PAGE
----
Selective emigration, cohort quality, and models of immigrant assimilation

David P. Lindstrom, Douglas S. Massey

Research output: Chapter in Book/Report/Conference proceedingChapter

Abstract

Most studies of immigrant assimilation estimate cross-sectional regression equations in which some outcome of interest, such as wage rates or language ability, is regressed on a measure of immigrant experience, usually time since arrival, while controlling for various indicators of human capital, social capital, and household socioeconomic status. By pooling successive censuses, George J. Borjas has carried out a period-cohort analysis to suggest that self-selection does play an important role in immigration. In each community, 200 households were selected using simple random sampling, with the exception of the two smallest communities where fewer households were chosen. Data for the alternative samples come from a detailed series of questions asked of all household heads about their most recent trip to the United States. Sample characteristics and regression results were compared between the census sample and a cross-sectional sample constructed from an alternative data source to measure the degree of potential bias stemming from underenumeration.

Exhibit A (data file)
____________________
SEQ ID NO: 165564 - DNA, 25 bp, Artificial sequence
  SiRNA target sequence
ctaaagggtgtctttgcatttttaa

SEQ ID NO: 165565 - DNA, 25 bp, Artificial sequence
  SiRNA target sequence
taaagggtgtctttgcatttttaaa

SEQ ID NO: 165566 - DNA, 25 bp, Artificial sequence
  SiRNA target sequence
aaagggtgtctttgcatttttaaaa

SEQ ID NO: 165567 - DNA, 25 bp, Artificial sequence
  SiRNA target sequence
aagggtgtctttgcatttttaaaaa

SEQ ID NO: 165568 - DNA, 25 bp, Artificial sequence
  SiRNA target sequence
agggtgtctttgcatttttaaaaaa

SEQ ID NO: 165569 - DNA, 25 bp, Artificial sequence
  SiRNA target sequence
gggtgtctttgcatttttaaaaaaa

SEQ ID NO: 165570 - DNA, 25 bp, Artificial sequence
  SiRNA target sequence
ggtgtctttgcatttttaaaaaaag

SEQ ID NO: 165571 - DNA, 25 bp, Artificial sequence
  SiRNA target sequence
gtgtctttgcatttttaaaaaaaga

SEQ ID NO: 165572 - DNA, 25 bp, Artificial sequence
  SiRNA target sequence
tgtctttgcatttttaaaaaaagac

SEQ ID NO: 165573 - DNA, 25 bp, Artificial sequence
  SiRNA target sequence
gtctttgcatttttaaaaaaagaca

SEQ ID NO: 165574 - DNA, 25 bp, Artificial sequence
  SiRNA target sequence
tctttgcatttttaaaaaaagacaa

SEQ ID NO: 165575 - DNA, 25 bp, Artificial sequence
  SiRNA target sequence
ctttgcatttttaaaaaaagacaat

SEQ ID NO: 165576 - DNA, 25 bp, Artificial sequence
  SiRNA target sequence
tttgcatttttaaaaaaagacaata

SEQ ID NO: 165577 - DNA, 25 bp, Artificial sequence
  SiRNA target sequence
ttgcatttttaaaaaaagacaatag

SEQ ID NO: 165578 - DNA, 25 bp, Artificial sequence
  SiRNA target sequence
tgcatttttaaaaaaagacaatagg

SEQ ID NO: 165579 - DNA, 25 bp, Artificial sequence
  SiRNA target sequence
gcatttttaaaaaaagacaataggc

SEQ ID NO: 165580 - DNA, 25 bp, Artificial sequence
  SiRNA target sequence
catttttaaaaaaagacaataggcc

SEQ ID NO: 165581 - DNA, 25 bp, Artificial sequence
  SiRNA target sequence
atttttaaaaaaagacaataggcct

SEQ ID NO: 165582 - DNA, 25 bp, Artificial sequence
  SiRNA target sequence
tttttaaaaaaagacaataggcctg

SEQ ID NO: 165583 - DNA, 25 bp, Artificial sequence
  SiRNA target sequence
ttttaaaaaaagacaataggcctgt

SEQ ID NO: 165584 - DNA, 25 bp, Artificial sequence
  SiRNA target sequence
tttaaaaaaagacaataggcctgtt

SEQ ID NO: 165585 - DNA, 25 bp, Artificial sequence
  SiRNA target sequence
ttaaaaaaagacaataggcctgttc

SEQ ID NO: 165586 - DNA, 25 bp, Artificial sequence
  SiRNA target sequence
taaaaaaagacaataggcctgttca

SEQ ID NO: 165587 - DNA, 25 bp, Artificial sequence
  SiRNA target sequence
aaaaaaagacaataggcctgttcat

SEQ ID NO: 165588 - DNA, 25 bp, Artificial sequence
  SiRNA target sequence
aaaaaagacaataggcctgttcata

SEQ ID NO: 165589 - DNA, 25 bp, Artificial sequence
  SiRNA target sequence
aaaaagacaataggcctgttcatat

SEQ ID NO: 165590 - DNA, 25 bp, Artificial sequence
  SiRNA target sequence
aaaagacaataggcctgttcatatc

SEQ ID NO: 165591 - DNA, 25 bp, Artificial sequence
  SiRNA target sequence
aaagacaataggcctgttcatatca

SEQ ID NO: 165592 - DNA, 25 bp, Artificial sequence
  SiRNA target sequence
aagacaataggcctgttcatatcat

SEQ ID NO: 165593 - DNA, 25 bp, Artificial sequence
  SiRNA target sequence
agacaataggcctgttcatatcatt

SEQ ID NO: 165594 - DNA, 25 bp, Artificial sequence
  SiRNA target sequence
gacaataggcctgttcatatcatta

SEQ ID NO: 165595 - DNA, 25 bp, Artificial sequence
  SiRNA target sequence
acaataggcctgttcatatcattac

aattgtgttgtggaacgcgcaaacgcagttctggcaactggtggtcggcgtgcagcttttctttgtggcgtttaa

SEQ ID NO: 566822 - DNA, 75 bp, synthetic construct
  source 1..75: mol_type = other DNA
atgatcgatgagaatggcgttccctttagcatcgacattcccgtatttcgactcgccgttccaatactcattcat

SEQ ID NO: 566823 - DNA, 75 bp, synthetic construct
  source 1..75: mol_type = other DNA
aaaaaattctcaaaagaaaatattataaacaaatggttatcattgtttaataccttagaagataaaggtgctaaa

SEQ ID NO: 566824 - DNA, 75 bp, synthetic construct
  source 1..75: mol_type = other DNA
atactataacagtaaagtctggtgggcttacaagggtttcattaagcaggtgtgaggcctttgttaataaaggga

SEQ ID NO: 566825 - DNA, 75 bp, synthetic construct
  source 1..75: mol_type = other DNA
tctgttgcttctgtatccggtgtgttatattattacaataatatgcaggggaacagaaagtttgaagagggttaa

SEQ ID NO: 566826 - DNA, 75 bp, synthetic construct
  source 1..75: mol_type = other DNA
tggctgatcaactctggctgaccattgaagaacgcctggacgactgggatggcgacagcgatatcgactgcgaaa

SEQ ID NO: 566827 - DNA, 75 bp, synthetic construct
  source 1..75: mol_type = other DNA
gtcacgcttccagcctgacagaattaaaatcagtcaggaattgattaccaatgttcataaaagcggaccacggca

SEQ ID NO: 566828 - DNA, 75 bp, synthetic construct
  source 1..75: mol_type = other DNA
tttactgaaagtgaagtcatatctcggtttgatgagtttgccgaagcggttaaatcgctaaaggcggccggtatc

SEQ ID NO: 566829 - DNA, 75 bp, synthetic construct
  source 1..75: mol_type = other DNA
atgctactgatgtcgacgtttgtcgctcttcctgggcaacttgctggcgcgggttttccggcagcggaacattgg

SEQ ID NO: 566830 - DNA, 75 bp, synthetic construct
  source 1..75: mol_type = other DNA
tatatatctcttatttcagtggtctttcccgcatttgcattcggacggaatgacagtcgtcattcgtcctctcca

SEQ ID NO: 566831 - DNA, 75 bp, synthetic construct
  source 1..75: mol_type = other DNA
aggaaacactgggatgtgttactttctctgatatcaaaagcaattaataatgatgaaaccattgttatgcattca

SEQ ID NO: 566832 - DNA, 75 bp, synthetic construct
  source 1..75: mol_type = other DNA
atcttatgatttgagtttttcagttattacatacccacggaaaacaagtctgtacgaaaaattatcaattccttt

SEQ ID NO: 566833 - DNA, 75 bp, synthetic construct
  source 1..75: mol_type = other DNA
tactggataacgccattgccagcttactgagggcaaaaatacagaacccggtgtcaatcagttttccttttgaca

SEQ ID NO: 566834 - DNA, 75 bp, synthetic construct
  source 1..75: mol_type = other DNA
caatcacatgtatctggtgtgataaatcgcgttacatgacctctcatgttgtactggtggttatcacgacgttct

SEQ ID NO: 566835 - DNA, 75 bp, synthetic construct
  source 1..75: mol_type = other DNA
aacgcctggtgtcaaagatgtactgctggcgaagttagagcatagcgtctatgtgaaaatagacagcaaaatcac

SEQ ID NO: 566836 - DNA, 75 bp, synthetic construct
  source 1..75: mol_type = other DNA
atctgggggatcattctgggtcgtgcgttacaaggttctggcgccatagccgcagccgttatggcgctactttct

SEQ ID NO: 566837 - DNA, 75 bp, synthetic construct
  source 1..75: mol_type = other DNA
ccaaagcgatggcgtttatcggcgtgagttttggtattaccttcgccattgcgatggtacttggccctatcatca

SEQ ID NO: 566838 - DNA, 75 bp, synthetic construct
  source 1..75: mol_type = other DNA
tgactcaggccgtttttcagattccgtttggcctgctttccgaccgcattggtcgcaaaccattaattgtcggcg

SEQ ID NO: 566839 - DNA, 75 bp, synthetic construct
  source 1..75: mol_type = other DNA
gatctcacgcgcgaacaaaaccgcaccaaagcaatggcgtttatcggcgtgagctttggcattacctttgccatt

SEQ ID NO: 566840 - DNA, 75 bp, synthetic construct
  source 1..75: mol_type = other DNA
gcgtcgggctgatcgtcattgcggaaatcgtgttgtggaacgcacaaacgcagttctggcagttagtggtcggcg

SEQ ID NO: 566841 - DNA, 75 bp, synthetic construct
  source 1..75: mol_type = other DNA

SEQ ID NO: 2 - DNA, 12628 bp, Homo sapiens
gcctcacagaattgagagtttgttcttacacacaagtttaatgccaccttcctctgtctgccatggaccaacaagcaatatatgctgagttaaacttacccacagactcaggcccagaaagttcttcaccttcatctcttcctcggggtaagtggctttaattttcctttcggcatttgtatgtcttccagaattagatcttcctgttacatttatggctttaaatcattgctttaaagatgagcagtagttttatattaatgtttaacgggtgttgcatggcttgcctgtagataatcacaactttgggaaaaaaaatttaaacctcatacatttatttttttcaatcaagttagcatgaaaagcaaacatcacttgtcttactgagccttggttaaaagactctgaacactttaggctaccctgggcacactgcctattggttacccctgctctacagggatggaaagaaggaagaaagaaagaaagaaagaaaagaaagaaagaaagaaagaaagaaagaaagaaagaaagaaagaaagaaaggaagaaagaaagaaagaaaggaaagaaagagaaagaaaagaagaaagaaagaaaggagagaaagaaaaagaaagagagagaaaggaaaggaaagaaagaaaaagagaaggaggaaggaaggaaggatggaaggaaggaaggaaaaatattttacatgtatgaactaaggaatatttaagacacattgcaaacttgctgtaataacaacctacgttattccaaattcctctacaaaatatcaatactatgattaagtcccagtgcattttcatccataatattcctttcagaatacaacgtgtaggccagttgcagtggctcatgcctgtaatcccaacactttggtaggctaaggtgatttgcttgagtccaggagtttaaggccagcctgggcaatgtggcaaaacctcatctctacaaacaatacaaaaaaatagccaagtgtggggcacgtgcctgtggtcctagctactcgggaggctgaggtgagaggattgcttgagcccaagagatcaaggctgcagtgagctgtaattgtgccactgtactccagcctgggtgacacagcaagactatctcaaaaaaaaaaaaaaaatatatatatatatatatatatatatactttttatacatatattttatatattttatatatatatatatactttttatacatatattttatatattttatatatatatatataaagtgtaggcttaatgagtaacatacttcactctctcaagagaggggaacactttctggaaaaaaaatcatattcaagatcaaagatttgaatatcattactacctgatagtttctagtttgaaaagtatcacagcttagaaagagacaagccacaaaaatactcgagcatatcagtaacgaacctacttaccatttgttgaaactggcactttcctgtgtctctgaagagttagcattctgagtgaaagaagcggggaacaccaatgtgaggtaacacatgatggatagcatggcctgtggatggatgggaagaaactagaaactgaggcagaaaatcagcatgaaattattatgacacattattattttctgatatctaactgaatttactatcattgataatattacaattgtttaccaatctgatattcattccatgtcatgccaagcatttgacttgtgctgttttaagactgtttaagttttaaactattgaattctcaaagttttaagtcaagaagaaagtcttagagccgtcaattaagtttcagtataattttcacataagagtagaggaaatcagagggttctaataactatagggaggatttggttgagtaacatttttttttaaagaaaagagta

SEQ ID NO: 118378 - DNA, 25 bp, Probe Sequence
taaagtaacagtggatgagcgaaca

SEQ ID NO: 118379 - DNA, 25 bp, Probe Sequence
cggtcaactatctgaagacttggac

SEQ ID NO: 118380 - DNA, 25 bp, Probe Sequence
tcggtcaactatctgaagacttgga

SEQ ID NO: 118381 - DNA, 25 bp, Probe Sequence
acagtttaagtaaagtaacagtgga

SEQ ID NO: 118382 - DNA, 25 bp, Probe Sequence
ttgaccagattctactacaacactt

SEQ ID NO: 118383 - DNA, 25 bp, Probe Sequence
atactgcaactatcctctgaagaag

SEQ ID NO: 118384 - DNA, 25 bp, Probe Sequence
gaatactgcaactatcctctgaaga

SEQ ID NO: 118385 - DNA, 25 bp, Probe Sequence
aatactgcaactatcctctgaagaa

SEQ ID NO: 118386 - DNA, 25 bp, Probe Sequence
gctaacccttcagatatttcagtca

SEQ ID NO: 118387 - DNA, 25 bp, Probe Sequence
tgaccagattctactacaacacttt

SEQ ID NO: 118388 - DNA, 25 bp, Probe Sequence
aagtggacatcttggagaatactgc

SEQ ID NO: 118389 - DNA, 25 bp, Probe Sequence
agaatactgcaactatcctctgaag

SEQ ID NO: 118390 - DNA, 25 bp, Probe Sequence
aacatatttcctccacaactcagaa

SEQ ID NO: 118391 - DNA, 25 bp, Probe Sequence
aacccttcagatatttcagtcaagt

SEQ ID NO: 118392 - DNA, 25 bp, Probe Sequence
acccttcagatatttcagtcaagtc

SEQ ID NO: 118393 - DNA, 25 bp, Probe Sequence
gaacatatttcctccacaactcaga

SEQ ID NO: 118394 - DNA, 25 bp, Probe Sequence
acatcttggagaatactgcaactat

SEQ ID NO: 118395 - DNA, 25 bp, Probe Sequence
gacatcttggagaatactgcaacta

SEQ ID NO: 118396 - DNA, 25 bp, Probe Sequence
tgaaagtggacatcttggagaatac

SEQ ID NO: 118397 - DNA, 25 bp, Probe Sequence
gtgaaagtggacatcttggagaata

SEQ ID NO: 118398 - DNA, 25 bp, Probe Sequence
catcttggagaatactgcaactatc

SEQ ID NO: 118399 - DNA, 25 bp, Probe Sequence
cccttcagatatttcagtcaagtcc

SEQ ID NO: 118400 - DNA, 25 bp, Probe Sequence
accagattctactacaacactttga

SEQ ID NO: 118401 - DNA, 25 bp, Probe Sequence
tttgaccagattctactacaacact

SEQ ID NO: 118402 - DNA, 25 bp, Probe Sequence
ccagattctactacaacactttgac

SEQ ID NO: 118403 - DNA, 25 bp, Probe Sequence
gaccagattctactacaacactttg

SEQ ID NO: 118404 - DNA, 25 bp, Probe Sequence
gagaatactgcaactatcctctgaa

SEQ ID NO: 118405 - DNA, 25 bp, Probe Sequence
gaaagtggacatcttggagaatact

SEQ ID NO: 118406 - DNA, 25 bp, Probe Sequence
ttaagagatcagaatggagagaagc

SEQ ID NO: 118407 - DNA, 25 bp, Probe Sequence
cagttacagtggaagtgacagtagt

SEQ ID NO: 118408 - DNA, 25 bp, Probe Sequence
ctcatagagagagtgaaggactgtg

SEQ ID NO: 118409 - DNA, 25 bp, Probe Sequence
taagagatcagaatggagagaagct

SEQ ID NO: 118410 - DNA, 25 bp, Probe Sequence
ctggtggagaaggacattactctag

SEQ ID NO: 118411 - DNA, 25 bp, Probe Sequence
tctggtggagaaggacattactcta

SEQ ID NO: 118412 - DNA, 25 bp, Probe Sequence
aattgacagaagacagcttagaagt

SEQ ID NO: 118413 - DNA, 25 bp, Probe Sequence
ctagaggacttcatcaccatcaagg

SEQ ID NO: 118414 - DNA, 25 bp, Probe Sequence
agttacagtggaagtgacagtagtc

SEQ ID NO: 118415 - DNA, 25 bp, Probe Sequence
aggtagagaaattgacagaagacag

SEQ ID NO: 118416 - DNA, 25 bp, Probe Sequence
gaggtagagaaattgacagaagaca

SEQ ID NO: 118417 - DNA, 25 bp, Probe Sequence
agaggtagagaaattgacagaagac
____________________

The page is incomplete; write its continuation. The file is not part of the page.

Original languageEnglish (US)
Title of host publicationThe New Immigrant in the American Economy
Subtitle of host publicationInterdisciplinary Perspectives on the New Immigration
PublisherTaylor and Francis
Pages227-261
Number of pages35
ISBN (Electronic)9781135709105
ISBN (Print)9780815337065
DOIs
StatePublished - Jan 1 2018
Externally publishedYes

All Science Journal Classification (ASJC) codes

  • General Social Sciences

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